Despite what certain activists had predicted, the European Court of Justice's decision that Privacy Shield is invalid, will not spell the end of the transfer of data in the international business arena and certainly not the end of the Internet.
The Luxembourg-based court ruled that a 2016 trans-Atlantic deal known as Privacy Shield, which allows some 5,000 companies to move data between the US and the European Union (EU) violated European privacy rights.
However, it also said that Standard Contractual Clauses examined by the EU would continue to permit the transfer of personal data to companies outside of Europe.
Violation of privacy rights
The case goes back to the Austrian lawyer and privacy activist Max Schrems who had filed a complaint saying that Facebook had violated his privacy rights when his data was transferred to the US.
By ruling that the deal was invalid because US security and intelligence agencies could still access data stored by Facebook, Twitter, Google, Apple, Microsoft and other companies, the court issued a strong reprimand to the European Commission and the US. It said that the data of EU citizens was endangered and ruled that the US should not be considered a country with adequate data protection policies.
It is the second time that the European Court of Justice has delivered such a scathing verdict. In 2015, it declared invalid Privacy Shield's predecessor, the European Commission's Safe Harbor agreement with the US, which was not very different from its successor.
Read me: EU top court dismisses class-action suit against Facebook
US will not change
The court's message is loud and clear: It does not think that the Commission or the US have drawn the right conclusions since the scandal triggered by whistleblower Edward Snowdon's revelations regarding the activities of the US intelligence agencies and the mass surveillance of citizens, including in the EU.
US agencies continue to hunger for data and this has not changed under US President Donald Trump.
Even though the European Commission has announced new negotiations, hardly anybody believes that Trump will succumb to pressure to change the US's laws and methods.
EU offers considerable data protection
In the European Union, however, there has been some progress since the first verdict in 2015. The General Data Protection Regulation has come into effect and is considered to offer extensive protection by comparison to other policies around the world.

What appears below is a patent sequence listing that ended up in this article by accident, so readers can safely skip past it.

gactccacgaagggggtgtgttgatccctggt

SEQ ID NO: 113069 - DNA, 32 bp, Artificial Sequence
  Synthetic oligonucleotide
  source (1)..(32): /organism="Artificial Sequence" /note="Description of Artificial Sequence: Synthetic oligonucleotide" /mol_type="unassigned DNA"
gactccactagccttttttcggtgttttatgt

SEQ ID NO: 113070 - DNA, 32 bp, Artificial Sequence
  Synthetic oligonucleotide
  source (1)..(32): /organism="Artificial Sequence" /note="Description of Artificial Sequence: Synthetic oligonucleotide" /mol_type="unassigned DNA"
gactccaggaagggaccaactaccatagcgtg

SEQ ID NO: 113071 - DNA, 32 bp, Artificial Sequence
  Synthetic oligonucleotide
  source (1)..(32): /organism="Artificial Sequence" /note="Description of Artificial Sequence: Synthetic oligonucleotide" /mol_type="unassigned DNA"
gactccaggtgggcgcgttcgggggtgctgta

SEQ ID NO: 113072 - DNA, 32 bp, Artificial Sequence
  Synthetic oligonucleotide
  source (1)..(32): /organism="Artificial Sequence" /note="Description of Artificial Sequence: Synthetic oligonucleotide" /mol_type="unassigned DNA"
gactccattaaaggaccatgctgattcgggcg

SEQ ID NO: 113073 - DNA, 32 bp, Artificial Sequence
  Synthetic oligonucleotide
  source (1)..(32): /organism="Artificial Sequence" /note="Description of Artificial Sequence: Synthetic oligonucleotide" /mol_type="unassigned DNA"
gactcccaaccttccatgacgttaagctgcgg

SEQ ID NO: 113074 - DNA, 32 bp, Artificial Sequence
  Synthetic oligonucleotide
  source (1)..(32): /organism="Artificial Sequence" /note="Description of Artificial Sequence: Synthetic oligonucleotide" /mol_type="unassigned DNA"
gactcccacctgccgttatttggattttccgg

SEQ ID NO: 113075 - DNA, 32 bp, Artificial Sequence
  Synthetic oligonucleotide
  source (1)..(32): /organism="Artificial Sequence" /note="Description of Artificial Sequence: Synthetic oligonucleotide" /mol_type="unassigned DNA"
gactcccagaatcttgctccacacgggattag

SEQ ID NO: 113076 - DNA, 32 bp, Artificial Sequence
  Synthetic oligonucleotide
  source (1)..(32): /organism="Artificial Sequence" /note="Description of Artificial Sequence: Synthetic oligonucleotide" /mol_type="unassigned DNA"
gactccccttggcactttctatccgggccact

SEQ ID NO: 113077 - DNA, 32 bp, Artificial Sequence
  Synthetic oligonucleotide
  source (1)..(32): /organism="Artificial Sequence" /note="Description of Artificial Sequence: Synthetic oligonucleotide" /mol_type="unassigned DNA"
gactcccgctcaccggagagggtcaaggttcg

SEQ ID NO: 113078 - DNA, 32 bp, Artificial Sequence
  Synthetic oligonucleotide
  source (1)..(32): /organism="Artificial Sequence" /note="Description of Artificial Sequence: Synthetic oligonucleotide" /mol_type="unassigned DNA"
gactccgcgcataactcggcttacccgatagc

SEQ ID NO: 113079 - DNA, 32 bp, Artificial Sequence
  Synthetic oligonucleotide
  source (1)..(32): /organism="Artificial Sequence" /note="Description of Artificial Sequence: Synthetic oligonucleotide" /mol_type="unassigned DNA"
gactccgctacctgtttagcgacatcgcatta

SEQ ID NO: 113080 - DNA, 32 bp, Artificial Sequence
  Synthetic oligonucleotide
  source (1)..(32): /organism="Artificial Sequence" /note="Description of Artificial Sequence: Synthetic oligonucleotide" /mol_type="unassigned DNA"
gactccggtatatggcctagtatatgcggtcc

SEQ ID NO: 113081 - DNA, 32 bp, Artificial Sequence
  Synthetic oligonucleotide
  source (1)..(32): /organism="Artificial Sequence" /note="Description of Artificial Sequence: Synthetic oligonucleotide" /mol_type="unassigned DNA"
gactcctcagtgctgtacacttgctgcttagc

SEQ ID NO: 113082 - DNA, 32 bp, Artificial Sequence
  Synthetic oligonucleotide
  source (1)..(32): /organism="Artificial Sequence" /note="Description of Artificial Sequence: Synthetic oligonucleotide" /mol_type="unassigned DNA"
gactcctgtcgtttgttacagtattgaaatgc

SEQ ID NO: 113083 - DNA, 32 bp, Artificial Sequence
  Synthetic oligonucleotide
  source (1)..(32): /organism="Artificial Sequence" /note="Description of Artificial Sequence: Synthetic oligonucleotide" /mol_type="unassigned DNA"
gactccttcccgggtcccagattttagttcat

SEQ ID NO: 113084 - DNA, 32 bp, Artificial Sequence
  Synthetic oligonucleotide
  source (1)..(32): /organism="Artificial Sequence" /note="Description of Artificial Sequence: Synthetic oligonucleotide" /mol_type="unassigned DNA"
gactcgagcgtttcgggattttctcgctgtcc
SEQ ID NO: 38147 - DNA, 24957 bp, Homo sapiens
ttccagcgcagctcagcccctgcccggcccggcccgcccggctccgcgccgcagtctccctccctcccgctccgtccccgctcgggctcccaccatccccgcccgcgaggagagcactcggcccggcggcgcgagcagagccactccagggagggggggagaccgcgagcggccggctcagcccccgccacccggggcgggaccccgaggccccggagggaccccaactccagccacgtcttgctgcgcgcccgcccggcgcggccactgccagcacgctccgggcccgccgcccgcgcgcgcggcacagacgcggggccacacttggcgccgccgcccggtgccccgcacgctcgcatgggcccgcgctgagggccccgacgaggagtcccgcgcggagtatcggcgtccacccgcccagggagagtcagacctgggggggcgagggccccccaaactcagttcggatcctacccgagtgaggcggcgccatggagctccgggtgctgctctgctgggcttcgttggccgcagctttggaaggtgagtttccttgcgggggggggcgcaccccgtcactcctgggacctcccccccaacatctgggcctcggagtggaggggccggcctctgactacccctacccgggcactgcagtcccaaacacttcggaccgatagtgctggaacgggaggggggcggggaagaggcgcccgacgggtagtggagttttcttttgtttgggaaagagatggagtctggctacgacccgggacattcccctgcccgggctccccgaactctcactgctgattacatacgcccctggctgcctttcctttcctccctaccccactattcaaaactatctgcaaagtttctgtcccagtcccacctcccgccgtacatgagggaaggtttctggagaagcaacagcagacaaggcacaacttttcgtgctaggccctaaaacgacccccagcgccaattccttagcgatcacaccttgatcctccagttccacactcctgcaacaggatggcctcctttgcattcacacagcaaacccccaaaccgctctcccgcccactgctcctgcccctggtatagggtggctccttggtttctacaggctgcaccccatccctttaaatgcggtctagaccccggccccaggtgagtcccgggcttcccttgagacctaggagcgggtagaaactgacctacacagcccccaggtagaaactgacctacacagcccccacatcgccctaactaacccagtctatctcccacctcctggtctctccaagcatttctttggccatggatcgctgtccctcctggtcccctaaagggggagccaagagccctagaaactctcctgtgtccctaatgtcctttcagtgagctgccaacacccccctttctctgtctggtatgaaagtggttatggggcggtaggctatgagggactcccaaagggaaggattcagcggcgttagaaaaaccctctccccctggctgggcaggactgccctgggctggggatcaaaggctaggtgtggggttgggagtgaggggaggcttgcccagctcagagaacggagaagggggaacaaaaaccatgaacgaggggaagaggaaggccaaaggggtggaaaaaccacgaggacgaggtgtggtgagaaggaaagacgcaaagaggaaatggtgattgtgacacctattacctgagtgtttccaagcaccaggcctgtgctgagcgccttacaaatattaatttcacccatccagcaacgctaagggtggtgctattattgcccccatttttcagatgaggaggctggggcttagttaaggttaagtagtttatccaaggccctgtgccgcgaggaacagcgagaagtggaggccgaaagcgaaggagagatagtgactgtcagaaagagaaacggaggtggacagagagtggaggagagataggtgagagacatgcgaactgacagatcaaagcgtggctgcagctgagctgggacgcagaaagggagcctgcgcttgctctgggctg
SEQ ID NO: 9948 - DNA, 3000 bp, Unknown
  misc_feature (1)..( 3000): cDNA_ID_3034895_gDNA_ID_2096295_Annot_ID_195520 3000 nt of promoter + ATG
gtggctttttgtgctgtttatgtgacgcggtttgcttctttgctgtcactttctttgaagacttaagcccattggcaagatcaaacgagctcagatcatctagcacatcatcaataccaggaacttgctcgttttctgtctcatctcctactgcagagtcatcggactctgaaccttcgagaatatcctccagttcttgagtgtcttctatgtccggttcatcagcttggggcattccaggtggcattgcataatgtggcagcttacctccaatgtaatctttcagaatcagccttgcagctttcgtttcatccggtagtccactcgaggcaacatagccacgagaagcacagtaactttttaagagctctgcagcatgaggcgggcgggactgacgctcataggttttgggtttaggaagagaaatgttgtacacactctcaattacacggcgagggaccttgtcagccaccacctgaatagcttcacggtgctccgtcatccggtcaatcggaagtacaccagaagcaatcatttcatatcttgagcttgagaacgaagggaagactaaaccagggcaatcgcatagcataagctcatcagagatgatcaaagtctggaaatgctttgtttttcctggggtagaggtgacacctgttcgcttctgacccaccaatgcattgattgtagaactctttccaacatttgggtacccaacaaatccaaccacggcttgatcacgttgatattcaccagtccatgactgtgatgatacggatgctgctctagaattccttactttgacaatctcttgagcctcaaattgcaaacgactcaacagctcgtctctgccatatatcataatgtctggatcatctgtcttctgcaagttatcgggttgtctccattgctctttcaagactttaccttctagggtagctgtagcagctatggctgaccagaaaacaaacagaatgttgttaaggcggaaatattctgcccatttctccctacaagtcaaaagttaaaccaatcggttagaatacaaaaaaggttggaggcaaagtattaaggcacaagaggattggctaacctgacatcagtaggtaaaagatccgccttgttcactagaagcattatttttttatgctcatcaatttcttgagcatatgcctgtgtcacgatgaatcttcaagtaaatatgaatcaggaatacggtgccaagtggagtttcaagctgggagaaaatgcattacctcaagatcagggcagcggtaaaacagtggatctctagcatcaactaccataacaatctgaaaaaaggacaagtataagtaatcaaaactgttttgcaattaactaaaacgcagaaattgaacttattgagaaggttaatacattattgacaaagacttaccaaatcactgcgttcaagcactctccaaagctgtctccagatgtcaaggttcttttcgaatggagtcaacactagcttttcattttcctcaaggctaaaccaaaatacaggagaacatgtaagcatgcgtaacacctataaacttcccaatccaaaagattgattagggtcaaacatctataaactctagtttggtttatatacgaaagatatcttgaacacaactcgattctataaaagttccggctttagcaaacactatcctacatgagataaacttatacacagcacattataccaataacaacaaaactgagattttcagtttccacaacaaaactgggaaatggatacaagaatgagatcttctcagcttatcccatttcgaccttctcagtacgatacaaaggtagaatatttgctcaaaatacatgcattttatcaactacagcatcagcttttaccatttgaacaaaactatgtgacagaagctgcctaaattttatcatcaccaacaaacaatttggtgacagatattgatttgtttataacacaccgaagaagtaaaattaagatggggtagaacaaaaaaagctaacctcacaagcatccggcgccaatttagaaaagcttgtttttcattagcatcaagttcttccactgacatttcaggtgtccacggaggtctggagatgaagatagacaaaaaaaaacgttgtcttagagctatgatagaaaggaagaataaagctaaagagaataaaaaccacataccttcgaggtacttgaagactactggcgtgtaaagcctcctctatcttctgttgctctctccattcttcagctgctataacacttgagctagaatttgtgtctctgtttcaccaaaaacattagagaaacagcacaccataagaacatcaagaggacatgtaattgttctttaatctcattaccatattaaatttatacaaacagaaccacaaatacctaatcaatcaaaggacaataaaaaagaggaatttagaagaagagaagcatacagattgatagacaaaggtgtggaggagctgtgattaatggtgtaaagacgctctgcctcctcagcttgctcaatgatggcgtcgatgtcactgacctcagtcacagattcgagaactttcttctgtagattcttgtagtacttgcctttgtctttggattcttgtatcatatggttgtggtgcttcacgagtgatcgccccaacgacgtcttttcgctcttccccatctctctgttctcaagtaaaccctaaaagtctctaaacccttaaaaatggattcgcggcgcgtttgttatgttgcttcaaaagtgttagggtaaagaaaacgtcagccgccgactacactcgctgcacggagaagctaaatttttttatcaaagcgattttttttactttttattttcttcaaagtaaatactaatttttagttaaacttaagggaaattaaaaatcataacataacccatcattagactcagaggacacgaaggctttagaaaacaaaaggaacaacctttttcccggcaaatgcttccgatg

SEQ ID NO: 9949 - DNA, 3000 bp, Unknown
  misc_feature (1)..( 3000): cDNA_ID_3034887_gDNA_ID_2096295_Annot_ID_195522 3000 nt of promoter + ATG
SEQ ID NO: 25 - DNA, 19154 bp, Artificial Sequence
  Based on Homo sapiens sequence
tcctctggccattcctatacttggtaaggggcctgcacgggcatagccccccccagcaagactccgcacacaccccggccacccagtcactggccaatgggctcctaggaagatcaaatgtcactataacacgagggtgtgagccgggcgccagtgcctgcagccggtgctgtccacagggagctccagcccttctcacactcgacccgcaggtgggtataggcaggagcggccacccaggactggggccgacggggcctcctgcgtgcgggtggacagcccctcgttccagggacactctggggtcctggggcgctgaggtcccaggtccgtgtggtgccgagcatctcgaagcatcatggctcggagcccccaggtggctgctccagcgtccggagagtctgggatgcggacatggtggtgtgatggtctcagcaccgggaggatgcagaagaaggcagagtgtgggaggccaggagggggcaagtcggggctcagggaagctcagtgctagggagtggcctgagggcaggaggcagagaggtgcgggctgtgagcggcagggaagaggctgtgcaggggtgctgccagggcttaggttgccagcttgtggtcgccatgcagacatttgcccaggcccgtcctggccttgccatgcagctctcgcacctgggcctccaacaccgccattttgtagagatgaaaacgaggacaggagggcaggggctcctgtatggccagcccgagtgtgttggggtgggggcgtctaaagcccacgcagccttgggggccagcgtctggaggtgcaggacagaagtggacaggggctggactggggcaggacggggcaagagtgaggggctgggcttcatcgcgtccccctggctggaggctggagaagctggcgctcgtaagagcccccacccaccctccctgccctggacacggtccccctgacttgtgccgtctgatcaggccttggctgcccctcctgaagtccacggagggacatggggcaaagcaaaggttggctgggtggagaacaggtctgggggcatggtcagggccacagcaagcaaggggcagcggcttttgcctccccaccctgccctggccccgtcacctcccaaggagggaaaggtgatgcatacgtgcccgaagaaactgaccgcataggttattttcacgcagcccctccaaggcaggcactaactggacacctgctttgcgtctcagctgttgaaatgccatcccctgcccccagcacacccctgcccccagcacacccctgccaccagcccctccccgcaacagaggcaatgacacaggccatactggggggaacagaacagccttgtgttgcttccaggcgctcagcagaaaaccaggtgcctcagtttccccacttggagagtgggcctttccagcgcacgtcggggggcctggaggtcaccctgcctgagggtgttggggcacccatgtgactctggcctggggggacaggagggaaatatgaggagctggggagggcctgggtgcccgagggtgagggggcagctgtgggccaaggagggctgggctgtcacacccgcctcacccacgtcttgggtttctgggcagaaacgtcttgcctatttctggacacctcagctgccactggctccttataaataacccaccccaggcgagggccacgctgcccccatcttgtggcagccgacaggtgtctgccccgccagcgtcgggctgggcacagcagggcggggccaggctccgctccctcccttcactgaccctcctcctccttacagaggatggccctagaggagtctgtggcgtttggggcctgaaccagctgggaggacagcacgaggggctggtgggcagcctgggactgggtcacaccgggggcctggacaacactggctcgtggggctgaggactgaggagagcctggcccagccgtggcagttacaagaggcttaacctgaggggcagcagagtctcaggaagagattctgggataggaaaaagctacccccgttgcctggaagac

The European Commission only recognizes a few countries, such as Switzerland, Japan and a few more, as providing similarly adequate protection. The US was on the list so long as the Privacy Shield deal was in place but will now join other "ordinary" countries such as China, India, Brazil and most of the world.
Read me: What is GDPR, the EU's data protection law?
Despite the verdict from Luxembourg, companies will still be able to exchange and transfer sensitive data to third countries. However, companies in the US or China will have to guarantee that they are complying with European data protection regulations by signing Standard Contractual Clauses.
All of us are affected by this. Each time, we book a journey or buy a product online our personal data can be sent abroad.
It is difficult to imagine what might be done with the data. China, a Communist state with a huge surveillance apparatus, can access data stored by Chinese companies at will. It is also impossible to control what authoritarian states such as Russia or Turkey do with personal data.
However, the European Court of Justice opted not to curtail this basis for economic activity as it would have led to a collapse of many areas of the networked economy.
More data sovereignty needed
In the long term, the European Commission and European companies will have to ensure that European data is processed in accordance with EU law, on servers located on the continent. The idea is to increase the number of clouds in the EU and thus improve data sovereignty. For now, most clouds are in the US and China.
For its part, however, the US is also trying to tighten its grip. The US State Department is currently looking into the Chinese video-sharing application TikTok and deliberating whether to ban data transfer from US users to China and thus effectively shut down the company's activities in the US.
Read more: India bans TikTok, WeChat, other Chinese apps over security concerns
Max Schrems may have won a second victory, but the case has also shown that there is still much to be done when it comes to international data protection.
This issue should not be dismissed lightly, particularly during a pandemic. COVID-19 has a number of states flirting with the idea of storing data related to health, face recognition, movements and contacts, which would be a strong encroachment on people's data protection rights.